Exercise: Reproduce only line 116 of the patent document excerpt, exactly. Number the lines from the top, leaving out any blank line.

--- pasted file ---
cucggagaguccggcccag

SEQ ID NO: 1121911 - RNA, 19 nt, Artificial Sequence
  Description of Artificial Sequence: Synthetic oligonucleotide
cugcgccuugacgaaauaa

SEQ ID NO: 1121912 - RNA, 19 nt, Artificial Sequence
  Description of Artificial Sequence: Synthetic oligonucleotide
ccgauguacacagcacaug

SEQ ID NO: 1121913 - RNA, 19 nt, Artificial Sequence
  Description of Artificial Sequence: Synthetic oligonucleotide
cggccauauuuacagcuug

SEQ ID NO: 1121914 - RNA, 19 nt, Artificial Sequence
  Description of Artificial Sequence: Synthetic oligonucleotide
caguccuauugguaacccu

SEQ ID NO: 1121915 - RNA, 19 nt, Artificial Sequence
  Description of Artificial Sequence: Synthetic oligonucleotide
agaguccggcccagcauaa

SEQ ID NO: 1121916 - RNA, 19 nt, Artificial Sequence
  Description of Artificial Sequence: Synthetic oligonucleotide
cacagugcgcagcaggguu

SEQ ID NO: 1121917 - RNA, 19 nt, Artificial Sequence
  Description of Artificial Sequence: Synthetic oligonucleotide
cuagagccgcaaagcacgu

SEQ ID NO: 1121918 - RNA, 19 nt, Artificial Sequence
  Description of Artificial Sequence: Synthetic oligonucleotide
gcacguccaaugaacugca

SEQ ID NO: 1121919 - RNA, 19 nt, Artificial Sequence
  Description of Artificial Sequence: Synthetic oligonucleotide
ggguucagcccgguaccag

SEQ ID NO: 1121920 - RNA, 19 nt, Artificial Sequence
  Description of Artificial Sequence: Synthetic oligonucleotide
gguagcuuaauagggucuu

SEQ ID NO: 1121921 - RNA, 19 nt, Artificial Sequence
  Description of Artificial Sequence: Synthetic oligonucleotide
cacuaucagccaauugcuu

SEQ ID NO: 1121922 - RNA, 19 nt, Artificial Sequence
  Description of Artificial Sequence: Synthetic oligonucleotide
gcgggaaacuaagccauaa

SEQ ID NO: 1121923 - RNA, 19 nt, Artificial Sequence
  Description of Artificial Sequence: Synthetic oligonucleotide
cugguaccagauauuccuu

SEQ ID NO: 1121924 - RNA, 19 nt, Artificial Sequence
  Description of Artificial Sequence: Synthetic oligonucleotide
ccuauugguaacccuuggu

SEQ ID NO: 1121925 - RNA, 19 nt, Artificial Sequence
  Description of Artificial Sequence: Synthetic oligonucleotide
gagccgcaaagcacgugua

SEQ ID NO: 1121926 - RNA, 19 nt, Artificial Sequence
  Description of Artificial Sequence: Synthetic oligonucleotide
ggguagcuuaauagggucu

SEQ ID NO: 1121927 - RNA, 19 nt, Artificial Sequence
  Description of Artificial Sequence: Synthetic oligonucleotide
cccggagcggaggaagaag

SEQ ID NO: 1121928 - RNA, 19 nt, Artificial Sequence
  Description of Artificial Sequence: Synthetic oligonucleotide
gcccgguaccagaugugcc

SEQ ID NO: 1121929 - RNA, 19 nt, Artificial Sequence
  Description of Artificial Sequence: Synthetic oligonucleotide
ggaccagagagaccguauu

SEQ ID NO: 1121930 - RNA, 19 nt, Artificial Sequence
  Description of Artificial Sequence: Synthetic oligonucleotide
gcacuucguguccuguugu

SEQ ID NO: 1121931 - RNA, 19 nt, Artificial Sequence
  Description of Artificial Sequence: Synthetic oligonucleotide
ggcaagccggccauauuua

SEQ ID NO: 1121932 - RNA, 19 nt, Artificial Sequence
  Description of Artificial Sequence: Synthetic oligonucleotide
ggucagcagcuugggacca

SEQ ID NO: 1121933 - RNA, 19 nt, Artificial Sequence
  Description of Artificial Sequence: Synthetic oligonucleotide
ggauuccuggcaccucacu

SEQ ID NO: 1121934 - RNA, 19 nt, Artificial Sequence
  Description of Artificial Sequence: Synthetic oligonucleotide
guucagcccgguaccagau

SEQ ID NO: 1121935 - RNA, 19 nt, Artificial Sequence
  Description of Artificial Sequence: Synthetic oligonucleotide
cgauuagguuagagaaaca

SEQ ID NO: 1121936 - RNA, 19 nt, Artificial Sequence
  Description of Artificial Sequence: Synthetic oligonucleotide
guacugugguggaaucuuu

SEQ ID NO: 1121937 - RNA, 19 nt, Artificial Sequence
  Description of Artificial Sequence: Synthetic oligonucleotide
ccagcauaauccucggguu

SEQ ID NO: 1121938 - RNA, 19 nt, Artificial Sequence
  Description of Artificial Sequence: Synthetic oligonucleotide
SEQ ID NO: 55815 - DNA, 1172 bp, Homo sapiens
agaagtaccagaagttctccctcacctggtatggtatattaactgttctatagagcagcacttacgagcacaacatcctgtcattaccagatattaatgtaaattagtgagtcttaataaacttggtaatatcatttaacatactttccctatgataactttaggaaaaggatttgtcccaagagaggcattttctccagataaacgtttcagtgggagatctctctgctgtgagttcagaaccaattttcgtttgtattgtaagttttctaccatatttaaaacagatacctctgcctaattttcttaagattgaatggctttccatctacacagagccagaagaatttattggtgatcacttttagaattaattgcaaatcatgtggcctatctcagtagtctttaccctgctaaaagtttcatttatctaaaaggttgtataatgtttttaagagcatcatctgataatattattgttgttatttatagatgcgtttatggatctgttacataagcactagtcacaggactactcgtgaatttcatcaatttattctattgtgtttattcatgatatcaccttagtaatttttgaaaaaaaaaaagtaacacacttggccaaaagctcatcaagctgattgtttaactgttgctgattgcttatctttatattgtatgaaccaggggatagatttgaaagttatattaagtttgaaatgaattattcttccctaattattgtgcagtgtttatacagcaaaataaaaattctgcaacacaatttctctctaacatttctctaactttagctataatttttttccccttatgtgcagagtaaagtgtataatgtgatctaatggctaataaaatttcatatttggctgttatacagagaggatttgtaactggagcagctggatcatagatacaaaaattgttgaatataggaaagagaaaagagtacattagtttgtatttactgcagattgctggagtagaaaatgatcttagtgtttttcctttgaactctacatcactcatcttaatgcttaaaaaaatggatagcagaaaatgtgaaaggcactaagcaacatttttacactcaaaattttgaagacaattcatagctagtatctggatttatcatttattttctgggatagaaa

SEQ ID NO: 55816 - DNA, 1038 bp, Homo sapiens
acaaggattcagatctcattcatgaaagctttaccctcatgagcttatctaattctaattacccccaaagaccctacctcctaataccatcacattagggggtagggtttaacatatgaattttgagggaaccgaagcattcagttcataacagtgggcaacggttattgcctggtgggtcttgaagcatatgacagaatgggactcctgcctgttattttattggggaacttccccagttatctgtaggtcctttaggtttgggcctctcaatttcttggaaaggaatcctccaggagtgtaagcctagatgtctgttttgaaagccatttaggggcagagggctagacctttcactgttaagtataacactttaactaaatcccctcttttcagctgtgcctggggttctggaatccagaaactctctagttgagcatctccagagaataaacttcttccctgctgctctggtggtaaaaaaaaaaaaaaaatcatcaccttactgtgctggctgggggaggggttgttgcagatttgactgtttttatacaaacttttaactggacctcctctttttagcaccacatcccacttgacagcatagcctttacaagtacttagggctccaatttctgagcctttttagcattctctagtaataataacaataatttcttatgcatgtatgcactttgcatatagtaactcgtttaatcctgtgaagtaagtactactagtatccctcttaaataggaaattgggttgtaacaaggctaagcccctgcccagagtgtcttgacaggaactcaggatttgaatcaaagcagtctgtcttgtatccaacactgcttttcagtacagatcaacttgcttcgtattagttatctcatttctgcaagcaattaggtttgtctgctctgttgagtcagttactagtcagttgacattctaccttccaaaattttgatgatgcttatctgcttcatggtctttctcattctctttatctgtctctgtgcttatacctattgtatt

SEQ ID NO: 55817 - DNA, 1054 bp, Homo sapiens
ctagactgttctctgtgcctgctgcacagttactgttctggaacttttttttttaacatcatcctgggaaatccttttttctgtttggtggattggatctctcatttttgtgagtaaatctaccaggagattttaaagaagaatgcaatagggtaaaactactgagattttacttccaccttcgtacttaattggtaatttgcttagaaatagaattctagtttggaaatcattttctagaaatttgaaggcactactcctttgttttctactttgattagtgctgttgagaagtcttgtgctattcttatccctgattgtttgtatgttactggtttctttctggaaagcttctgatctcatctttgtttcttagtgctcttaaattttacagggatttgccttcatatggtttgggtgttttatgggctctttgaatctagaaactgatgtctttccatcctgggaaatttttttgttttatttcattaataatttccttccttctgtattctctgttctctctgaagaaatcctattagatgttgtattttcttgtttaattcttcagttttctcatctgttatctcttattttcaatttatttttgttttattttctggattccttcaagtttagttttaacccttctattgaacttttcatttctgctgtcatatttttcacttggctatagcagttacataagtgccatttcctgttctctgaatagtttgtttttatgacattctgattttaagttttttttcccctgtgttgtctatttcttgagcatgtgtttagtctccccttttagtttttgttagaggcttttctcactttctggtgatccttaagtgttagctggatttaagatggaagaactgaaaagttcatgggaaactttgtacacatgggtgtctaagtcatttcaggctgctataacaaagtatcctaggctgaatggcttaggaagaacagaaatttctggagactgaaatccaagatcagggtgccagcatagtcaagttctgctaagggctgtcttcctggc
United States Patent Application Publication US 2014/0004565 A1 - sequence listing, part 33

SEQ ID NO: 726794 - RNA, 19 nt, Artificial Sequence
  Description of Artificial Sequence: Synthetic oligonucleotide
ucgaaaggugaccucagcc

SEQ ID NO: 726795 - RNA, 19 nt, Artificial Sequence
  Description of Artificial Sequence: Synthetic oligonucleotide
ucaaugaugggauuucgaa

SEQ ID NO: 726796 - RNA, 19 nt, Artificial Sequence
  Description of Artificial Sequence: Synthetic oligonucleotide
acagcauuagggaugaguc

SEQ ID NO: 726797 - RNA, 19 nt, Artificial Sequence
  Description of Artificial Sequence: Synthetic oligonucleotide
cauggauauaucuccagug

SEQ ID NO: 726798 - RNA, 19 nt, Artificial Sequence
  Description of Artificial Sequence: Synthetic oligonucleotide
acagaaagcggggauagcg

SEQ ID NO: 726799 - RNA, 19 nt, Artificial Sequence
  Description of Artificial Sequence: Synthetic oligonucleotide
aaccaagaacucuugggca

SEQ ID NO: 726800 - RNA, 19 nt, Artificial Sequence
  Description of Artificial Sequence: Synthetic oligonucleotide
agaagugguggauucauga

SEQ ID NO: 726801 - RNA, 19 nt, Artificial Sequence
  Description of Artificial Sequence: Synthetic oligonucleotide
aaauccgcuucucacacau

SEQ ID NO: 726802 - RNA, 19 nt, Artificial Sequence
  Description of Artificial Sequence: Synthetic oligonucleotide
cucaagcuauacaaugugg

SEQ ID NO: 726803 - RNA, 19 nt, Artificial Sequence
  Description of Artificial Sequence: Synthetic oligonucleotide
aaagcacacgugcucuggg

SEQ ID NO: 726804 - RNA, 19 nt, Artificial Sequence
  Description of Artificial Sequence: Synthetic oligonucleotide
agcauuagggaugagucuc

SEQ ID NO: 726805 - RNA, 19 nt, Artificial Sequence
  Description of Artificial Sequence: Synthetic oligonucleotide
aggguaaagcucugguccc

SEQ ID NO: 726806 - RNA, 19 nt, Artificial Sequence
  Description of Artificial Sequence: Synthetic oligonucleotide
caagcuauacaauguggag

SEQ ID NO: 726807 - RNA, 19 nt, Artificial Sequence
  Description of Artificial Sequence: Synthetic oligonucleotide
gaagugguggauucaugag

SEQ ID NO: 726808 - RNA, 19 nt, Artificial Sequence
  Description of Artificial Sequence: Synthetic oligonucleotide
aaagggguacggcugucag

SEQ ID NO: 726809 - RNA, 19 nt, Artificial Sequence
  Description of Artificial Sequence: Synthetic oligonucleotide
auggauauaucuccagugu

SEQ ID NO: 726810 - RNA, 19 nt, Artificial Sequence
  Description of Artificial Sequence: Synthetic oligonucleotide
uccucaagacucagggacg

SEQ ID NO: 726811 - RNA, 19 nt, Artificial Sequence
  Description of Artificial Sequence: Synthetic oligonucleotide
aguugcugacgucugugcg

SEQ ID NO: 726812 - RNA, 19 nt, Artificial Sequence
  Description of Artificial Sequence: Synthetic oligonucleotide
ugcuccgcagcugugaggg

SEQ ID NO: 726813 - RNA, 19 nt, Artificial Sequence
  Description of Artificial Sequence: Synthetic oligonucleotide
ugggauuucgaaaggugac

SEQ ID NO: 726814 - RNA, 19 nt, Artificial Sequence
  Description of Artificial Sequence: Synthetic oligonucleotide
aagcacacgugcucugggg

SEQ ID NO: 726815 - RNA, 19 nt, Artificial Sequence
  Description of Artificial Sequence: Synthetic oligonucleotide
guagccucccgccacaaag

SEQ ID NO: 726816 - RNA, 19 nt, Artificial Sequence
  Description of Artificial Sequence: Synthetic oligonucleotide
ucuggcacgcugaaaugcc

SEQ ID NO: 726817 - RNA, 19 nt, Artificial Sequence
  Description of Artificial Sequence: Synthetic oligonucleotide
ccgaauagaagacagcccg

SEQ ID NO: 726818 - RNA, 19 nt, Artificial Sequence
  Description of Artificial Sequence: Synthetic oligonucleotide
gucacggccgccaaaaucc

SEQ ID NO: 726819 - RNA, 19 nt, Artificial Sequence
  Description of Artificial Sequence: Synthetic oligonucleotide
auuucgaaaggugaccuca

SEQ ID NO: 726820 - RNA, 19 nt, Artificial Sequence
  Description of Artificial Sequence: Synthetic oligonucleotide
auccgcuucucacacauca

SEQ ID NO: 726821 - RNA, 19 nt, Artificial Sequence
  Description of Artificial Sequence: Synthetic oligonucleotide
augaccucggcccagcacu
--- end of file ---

SEQ ID NO: 726802 - RNA, 19 nt, Artificial Sequence